Base stations, typically located on towers, are dispersed throughout geographiclocations. The mobile stations must communicate with the base stations before the mobile stationis allowed access to the cellular network.10.
In 2008, the standards setting organization known as the Third Generation
Partnership Project (“3GPP”) developed a fourth generation (“4G”) standard known as the LongTerm Evolution Standard (“LTE”). The 4G LTE standard further expands the usability of m
obiledevices, beyond the capabilities of the third generation of wireless network standards, also known
as “3G”, by expanding the potential number of simultaneous users and increasing the speeds at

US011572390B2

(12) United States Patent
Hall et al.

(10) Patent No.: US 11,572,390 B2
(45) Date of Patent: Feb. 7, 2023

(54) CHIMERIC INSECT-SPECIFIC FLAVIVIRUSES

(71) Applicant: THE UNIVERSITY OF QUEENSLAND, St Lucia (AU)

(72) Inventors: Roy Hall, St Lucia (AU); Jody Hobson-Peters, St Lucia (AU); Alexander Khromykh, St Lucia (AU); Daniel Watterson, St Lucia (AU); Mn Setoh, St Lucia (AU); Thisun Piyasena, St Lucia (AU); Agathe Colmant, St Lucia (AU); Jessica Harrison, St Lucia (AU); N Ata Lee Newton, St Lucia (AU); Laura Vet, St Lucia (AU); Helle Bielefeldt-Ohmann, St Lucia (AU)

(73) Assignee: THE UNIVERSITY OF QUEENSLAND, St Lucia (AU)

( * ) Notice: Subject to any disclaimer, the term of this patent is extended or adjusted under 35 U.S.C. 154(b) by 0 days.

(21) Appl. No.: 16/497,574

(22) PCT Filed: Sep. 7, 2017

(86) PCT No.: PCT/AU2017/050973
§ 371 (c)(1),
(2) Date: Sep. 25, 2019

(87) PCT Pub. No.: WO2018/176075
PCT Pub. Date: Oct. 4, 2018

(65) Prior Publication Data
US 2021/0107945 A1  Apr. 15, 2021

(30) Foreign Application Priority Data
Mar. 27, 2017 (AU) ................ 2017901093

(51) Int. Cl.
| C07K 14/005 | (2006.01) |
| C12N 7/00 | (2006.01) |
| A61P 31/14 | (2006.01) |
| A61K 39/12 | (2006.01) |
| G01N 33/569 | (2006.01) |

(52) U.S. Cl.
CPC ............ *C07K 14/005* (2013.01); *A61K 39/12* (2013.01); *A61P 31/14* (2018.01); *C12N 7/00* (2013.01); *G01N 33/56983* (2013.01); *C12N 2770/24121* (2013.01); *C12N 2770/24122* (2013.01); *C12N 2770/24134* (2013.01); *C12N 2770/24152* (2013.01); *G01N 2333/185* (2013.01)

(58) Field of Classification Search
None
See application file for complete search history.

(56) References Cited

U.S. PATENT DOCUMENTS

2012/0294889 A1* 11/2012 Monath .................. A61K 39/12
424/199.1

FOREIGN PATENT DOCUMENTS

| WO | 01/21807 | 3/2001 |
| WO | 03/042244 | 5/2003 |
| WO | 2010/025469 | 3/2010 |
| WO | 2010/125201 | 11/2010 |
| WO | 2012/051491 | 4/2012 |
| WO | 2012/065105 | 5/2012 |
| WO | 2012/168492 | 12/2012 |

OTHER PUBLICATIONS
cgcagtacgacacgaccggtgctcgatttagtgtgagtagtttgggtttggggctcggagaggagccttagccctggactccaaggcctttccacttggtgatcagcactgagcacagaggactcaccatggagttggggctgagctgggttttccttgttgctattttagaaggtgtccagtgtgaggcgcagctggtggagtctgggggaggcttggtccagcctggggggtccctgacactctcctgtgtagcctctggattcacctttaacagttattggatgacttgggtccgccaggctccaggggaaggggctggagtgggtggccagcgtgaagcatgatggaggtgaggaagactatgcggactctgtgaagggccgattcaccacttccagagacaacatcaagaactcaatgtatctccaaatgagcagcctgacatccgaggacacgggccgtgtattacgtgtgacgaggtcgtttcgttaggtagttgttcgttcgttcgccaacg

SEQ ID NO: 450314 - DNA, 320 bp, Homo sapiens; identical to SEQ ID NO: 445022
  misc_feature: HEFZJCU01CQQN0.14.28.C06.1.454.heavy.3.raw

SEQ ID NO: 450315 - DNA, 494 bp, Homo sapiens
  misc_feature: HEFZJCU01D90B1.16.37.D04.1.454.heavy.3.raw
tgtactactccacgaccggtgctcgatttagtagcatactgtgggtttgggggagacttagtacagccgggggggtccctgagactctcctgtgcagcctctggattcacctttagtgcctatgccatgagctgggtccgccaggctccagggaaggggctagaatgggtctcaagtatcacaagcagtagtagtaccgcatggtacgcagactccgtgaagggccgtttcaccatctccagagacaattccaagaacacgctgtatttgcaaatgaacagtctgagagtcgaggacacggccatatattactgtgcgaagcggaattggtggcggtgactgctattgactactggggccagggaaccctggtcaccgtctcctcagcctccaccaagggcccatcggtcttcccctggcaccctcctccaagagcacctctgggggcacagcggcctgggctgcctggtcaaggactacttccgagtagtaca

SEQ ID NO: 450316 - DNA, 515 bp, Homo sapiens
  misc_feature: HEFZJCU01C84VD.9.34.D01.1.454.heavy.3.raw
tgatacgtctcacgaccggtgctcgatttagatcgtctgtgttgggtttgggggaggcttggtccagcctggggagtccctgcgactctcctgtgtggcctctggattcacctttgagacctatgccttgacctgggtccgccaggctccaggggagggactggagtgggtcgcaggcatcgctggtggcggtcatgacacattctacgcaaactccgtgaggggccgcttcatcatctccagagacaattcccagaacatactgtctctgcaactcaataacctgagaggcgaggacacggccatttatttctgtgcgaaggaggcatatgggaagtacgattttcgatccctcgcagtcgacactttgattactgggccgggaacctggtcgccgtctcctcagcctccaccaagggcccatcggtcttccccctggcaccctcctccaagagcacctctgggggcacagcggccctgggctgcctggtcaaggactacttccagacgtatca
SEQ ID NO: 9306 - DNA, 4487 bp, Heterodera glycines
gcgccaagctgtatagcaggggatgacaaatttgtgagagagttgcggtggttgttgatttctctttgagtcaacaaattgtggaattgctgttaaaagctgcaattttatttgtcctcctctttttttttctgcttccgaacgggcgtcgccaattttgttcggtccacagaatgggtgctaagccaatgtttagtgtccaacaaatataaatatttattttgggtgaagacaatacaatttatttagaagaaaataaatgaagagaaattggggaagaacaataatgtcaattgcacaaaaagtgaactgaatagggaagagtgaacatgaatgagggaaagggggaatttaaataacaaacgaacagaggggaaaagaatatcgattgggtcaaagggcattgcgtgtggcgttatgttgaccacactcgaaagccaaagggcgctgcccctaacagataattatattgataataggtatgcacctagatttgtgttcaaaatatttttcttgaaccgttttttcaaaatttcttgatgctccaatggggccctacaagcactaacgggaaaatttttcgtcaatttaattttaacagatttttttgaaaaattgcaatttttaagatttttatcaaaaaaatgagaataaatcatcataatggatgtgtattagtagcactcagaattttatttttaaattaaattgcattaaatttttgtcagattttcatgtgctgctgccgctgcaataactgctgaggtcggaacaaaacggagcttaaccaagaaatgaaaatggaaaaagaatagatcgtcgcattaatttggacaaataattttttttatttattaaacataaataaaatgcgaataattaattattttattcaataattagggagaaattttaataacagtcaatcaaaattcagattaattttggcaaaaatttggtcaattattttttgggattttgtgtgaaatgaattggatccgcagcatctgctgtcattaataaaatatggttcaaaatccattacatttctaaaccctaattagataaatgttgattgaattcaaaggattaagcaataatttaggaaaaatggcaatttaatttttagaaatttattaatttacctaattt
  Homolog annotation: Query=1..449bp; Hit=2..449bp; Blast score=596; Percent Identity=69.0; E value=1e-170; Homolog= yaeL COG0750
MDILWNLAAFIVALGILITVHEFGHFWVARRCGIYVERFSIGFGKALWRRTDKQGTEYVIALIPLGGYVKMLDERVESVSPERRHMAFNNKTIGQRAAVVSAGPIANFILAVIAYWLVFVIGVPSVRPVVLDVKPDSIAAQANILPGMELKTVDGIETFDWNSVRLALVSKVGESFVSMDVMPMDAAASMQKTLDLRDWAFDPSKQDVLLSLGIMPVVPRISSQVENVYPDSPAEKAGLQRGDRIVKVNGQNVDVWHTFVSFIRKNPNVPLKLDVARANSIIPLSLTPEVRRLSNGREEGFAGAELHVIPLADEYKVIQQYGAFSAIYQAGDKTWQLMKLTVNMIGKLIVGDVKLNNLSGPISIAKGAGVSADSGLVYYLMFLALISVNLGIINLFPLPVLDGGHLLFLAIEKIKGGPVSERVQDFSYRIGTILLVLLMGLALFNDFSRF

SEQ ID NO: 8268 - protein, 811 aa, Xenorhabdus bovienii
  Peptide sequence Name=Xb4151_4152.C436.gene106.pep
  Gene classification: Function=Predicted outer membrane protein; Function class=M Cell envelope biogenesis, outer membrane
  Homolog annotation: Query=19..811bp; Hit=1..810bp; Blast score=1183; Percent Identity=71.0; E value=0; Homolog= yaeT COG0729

which communication and data access occurs.11.
Currently, all 4G networks and devices claiming to be LTE compliant mustcomply with the standard as articulated by 3GPP.12.
On March 22,
1999, GBT filed the „267 patent application and on June 3,
2003, theUnited States Patent & Trademark Office duly and legally issued United States Letters Patent No.
6,574,267 Bl entitled “RACH
UP ACKNOWLEDGEMENT” (“
and correct copy of the „267 patent is attached hereto as Exhibit A and incorporated
On December 15, 2009, after a full and fair re-
examination of the „267 patent, the
United States Patent & Trademark Office duly and legally issued an
Certificate Number 6,574,267 Cl entitled “RACH
UP ACKNOWLEDGEMENT”. A
true and correct copy of the
Reexamination Certificate Number 6,574,267 Cl (
“the Re „267 patent”) is attached hereto as Exhibit B. The
Patent-in-Suit claims certain aspects of the 4G LTEstandards required and articulated by 3GPP.14.
The Patent-in-Suit is directed toward methods and processes which are used bymobile stations to establish communication between mobile stations and base stations over a